This chapter introduces MySQL InnoDB Cluster, which combines MySQL technologies to enable you to deploy and administer a complete integrated high availability solution for MySQL. This content is a high-level overview of InnoDB Cluster, for full documentation, see MySQL InnoDB Cluster.
InnoDB Cluster does not provide support for MySQL NDB Cluster. For more information about MySQL NDB Cluster, see Chapter 21, MySQL NDB Cluster 7.5 and NDB Cluster 7.6 and Section 21.2.6, “MySQL Server Using InnoDB Compared with NDB Cluster”.
An InnoDB Cluster consists of at least three MySQL Server instances, and it provides high-availability and scaling features. InnoDB Cluster uses the following MySQL technologies:
MySQL Shell, which is an advanced client and code editor for MySQL.
MySQL Server, and Group Replication, which enables a set of MySQL instances to provide high-availability. InnoDB Cluster provides an alternative, easy to use programmatic way to work with Group Replication.
MySQL Router, a lightweight middleware that provides transparent routing between your application and InnoDB Cluster.
The following diagram shows an overview of how these technologies work together:
Being built on MySQL Group Replication, provides features such as automatic membership management, fault tolerance, automatic failover, and so on. An InnoDB Cluster usually runs in a single-primary mode, with one primary instance (read-write) and multiple secondary instances (read-only). Advanced users can also take advantage of a multi-primary mode, where all instances are primaries.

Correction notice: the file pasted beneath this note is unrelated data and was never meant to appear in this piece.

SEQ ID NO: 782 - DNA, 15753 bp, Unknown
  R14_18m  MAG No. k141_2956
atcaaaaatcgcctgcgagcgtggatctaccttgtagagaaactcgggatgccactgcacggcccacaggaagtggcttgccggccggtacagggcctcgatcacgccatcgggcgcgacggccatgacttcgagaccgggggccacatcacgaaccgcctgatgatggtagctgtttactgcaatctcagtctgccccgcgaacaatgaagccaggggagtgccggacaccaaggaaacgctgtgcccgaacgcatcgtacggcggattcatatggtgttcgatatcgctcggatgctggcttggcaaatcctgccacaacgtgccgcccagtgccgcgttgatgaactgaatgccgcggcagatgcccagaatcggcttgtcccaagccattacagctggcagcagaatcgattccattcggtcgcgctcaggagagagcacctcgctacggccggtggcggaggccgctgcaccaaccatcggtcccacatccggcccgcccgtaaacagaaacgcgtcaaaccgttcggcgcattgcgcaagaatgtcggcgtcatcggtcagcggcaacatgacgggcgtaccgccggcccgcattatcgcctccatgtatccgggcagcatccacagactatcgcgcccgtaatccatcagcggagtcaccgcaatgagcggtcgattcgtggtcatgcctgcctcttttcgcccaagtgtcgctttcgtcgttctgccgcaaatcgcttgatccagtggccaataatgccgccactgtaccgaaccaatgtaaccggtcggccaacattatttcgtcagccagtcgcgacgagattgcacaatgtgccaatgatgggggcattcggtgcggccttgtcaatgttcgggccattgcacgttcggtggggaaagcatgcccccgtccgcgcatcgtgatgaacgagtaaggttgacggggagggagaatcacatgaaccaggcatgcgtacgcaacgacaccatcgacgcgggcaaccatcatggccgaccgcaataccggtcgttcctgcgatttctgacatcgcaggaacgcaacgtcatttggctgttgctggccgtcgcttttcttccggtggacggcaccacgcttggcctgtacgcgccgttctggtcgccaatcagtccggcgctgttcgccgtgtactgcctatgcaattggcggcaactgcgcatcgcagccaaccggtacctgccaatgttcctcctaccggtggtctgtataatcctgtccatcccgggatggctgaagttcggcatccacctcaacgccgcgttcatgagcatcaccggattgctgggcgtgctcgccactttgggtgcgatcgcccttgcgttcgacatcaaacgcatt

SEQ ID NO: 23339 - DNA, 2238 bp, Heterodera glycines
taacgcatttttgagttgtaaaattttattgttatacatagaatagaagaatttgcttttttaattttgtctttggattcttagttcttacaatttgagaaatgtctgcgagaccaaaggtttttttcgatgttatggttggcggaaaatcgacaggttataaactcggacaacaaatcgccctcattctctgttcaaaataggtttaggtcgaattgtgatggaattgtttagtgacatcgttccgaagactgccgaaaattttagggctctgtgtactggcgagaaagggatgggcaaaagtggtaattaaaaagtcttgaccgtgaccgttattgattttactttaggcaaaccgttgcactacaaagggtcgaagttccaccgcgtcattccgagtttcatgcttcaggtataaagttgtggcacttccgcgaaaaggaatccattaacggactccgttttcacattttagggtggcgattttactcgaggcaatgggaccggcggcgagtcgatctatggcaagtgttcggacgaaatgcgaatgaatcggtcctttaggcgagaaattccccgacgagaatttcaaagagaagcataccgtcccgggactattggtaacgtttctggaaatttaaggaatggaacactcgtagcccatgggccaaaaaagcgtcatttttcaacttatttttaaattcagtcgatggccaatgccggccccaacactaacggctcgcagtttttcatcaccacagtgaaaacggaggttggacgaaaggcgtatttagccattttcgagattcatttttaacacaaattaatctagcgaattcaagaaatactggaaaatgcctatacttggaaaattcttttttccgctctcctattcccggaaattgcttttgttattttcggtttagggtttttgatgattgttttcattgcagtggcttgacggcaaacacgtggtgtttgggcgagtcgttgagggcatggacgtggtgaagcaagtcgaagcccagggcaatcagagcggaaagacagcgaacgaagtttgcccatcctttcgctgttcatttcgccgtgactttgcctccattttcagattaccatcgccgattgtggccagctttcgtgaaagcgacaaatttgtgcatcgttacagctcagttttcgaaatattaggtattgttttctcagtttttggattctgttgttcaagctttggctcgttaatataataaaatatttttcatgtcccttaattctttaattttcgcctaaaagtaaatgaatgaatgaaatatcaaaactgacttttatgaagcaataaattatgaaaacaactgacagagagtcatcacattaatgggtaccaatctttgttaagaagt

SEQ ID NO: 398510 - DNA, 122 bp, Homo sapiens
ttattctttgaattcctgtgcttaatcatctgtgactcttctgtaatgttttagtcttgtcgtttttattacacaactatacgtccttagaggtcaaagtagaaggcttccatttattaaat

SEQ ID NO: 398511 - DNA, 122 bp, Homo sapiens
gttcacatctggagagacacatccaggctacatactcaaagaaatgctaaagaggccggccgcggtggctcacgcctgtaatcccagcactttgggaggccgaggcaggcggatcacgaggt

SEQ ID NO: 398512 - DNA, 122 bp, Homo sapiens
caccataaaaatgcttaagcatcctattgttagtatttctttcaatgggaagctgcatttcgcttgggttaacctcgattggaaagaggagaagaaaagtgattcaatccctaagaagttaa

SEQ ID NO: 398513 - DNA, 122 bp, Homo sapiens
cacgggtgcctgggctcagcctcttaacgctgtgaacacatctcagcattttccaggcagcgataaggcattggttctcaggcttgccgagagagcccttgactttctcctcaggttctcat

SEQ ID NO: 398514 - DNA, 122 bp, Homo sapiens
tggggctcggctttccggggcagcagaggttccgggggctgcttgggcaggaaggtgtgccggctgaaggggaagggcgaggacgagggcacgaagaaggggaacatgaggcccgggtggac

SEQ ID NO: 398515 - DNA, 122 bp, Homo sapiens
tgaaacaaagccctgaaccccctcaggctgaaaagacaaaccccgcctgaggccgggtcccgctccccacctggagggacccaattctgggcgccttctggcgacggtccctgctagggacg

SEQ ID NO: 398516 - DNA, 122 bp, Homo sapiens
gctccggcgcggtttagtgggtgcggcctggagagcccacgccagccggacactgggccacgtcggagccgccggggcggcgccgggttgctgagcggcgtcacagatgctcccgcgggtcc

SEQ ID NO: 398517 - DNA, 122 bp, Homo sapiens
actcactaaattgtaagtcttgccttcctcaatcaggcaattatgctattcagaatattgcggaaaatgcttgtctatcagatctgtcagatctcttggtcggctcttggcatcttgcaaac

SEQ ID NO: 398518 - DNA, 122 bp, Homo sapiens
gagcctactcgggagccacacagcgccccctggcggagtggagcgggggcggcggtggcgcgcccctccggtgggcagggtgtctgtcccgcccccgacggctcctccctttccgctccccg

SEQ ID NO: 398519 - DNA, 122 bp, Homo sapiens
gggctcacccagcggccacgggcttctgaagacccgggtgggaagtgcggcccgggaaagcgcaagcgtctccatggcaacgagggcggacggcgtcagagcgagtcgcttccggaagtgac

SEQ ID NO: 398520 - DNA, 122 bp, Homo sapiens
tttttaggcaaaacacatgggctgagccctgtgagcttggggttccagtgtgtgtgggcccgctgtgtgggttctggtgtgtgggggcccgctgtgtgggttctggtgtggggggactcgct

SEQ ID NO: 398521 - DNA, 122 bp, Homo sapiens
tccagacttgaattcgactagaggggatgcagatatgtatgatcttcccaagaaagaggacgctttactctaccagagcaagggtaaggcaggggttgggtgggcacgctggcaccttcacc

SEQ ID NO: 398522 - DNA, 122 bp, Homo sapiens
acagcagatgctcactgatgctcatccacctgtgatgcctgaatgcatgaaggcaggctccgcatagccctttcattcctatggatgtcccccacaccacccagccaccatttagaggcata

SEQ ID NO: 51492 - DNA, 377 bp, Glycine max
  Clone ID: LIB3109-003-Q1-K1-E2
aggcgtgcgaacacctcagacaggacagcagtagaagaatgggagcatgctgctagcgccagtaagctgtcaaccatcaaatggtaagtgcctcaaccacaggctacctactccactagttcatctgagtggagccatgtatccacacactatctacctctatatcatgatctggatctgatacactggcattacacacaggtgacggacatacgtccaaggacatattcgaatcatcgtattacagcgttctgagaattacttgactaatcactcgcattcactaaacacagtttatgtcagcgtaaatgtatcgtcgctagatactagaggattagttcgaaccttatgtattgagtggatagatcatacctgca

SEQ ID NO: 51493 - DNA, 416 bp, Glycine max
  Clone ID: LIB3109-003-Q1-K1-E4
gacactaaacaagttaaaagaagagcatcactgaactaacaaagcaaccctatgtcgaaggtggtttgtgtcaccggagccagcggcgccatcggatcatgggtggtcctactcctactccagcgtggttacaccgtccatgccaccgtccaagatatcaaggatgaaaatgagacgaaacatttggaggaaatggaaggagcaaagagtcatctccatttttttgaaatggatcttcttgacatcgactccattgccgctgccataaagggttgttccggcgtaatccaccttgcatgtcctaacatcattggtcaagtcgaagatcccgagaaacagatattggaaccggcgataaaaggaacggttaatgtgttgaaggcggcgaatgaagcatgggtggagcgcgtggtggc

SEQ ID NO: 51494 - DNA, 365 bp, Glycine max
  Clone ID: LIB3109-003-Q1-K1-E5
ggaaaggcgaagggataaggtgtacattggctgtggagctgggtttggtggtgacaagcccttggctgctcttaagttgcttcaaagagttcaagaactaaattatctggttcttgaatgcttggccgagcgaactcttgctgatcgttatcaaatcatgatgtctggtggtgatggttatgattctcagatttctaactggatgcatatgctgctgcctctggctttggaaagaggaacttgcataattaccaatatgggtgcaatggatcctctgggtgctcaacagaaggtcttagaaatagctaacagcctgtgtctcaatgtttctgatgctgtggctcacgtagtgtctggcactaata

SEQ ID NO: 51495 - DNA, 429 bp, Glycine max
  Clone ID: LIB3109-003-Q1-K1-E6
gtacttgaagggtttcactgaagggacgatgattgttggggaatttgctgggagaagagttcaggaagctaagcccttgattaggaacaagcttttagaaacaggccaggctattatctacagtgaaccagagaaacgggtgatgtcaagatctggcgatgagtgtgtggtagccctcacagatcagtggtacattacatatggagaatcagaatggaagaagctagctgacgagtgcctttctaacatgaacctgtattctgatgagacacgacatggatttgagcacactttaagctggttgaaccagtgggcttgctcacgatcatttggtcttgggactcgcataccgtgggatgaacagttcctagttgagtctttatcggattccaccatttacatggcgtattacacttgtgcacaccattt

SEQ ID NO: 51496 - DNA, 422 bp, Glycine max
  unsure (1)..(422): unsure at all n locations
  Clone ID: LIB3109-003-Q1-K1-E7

InnoDB Cluster supports MySQL Clone, which enables you to provision instances simply. In the past, to provision a new instance before it joins a set of MySQL instances you would need to somehow manually transfer the transactions to the joining instance. This could involve making file copies, manually copying them, and so on. Using InnoDB Cluster, you can simply add an instance to the cluster and it is automatically provisioned.
Similarly, InnoDB Cluster is tightly integrated with MySQL Router, and you can use AdminAPI to work with them together. MySQL Router can automatically configure itself based on an InnoDB Cluster, in a process called bootstrapping, which removes the need for you to configure routing manually. MySQL Router then transparently connects client applications to the InnoDB Cluster, providing routing and load-balancing for client connections. This integration also enables you to administer some aspects of a MySQL Router bootstrapped against an InnoDB Cluster using AdminAPI. InnoDB Cluster status information includes details about MySQL Routers bootstrapped against the cluster. Operations enable you to create MySQL Router users at the cluster level, to work with the MySQL Routers bootstrapped against the cluster, and so on.
AdminAPI is compatible with instances running MySQL 5.7, but with a reduced feature set. For more information, see Using Instances Running MySQL 5.7. For the best experience using AdminAPI and InnoDB Cluster upgrade to MySQL 8.0.